Mechatronic design is an enigma. On the one hand, mechatronic products promise enhanced functionality, and better performance at reduced cost. On the other hand, optimizing mechatronic design concepts is a major challenge to overcome during the design process. In the past, less attention has been paid to the life phases of a mechatronic product, and it was assumed that modifications in electronics and software will ensure that the product performs to expectation throughout its life time. However it has been realized that introducing design changes in mechatronics is not easy, since it is difficult to assess the consequences of a design decision, both during the design process of a new product, and during a design modification. It is also realized that there is a strong need to consider the product's life phases during the early phases of product development. Furthermore, it is rather difficult to perform a design optimization since it requires introducing changes across different domains, which is not well supported by the methods and tools available today.

This thesis investigates the topic of mechatronic design and attacks some of the major challenges that have been identified regarding the design of mechatronic products. The goal is to provide support to the designers to facilitate better understanding of the consequences of their design choices as early as possible. The work also aims to provide support for assessing alternative design concepts, and for optimizing a design concept based on requirements, constraints and designer preferences at the time of design. The thesis highlights three main challenges related to mechatronic product development: the need for a common language during conceptual design; the inadequate information transfer between engineering domains; and the difficulty in assessing the properties of competing mechatronic concepts. A model-based integration approach is presented, and these key challenges are considered in relation to an integrated modeling and design infrastructure. The approach is illustrated through the design of two mechatronic systems- a two degrees-of-freedom robot, and a hospital bed propulsion system. Initial results provide evidence of good potential for information transfer across mechatronic domains. Although SysML was used for the case studies, some important questions were raised about its suitability as a common language for mechatronics.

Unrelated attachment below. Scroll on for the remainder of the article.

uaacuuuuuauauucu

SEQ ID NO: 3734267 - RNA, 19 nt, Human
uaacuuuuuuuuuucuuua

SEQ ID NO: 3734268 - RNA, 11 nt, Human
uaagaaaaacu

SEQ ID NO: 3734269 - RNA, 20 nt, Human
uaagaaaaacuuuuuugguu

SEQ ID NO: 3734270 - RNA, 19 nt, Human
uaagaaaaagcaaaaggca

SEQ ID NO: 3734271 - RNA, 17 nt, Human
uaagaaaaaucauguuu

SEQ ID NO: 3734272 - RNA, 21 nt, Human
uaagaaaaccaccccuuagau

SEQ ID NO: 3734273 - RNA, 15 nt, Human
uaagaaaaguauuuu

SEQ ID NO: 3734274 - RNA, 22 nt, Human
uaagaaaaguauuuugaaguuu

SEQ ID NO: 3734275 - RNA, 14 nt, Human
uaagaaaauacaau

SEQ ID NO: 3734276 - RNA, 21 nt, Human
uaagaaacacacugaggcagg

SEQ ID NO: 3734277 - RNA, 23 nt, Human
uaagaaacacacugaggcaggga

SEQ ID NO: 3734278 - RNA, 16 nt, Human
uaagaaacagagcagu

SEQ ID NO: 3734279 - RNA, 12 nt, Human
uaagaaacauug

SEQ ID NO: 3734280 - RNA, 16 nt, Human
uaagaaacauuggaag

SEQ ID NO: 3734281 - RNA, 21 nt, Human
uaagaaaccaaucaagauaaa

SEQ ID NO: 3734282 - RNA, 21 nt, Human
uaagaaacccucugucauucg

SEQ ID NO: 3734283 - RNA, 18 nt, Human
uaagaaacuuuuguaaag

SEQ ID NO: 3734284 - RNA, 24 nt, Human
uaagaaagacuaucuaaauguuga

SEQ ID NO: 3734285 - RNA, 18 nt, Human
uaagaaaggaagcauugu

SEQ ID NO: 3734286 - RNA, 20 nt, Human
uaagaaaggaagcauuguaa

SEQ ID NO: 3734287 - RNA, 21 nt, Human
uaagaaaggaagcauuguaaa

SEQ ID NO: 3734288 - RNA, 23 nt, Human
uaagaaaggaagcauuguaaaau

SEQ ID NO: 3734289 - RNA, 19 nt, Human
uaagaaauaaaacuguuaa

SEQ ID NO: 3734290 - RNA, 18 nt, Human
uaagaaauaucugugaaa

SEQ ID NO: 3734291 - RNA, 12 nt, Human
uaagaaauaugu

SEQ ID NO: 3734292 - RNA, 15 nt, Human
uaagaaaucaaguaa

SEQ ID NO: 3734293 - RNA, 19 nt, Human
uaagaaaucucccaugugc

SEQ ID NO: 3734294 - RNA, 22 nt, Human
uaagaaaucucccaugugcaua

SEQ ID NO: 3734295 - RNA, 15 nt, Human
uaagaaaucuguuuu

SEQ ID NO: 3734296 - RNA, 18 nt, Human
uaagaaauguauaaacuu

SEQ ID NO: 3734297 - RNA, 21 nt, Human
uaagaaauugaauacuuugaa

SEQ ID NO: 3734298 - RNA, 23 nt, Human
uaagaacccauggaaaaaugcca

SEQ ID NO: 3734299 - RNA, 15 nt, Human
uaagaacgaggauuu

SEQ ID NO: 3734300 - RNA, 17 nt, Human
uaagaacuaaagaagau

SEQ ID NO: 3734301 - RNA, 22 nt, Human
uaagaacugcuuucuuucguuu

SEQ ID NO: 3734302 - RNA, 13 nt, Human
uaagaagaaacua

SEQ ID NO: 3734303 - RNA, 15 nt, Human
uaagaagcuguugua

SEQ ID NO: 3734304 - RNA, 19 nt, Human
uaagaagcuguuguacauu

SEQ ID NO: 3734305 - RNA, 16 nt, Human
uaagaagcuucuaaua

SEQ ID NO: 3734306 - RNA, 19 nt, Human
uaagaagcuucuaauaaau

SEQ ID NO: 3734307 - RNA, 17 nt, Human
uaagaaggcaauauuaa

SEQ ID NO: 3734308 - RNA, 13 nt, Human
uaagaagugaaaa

Suggestions for future work are: to utilize the developed infrastructure and incorporate a capability to model and assess consequences of competing design concepts; provide support for optimizing these concepts; and evaluate the usefulness of the developed infrastructure in a real-world design setting. These efforts should provide ample information to the designer for making adequate decisions during the design process.

Place, publisher, year, edition, pages
Stockholm: KTH Royal Institute of Technology, 2011. xiii, 94 p.
Series
Trita-MMK, ISSN 1400-1179 ; 2011:08
Keyword
Mechatronics, mechatronic design, development process, conceptual design, model-based systems engineering (MBSE), model integration, SysML, model-driven engineering, consistency
National Category
Production Engineering, Human Work Science and Ergonomics Software Engineering Information Science
Identifiers
urn:nbn:se:kth:diva-35374 (URN)978-91-7501-025-0 (ISBN)
Presentation
2011-06-08, B319 Gladan, Brinellvägen 85, KTH, Stockholm, 13:00 (English)
Opponent
Supervisors
Note
QC 20110629Available from: 2011-06-29 Created: 2011-06-28 Last updated: 2011-06-29Bibliographically approved
2. Model and Dependency Management in Mechatronic Design